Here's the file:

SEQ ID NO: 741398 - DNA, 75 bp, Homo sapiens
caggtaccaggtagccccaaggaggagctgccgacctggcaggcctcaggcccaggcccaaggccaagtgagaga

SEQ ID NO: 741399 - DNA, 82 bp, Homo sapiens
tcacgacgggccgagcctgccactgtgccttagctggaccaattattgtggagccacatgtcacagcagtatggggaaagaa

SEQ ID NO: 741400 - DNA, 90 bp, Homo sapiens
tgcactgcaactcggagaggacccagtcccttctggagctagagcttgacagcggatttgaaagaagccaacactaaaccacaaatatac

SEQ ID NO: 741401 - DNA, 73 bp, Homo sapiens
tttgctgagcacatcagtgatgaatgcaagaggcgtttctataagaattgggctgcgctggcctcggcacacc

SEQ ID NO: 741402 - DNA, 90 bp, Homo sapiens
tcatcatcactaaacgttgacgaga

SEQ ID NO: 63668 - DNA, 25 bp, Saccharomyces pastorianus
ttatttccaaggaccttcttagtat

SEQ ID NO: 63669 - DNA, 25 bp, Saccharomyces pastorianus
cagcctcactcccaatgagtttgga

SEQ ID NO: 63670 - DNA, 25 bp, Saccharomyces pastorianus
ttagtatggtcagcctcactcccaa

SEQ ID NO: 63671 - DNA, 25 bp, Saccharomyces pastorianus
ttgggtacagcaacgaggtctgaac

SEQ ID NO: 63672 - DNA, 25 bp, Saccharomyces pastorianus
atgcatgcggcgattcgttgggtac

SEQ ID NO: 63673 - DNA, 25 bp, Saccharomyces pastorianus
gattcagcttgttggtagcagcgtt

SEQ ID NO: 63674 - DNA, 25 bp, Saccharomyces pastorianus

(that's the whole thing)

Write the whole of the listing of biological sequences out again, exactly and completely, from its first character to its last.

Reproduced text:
SEQ ID NO: 741398 - DNA, 75 bp, Homo sapiens
caggtaccaggtagccccaaggaggagctgccgacctggcaggcctcaggcccaggcccaaggccaagtgagaga

SEQ ID NO: 741399 - DNA, 82 bp, Homo sapiens
tcacgacgggccgagcctgccactgtgccttagctggaccaattattgtggagccacatgtcacagcagtatggggaaagaa

SEQ ID NO: 741400 - DNA, 90 bp, Homo sapiens
tgcactgcaactcggagaggacccagtcccttctggagctagagcttgacagcggatttgaaagaagccaacactaaaccacaaatatac

SEQ ID NO: 741401 - DNA, 73 bp, Homo sapiens
tttgctgagcacatcagtgatgaatgcaagaggcgtttctataagaattgggctgcgctggcctcggcacacc

SEQ ID NO: 741402 - DNA, 90 bp, Homo sapiens
tcatcatcactaaacgttgacgaga

SEQ ID NO: 63668 - DNA, 25 bp, Saccharomyces pastorianus
ttatttccaaggaccttcttagtat

SEQ ID NO: 63669 - DNA, 25 bp, Saccharomyces pastorianus
cagcctcactcccaatgagtttgga

SEQ ID NO: 63670 - DNA, 25 bp, Saccharomyces pastorianus
ttagtatggtcagcctcactcccaa

SEQ ID NO: 63671 - DNA, 25 bp, Saccharomyces pastorianus
ttgggtacagcaacgaggtctgaac

SEQ ID NO: 63672 - DNA, 25 bp, Saccharomyces pastorianus
atgcatgcggcgattcgttgggtac

SEQ ID NO: 63673 - DNA, 25 bp, Saccharomyces pastorianus
gattcagcttgttggtagcagcgtt

SEQ ID NO: 63674 - DNA, 25 bp, Saccharomyces pastorianus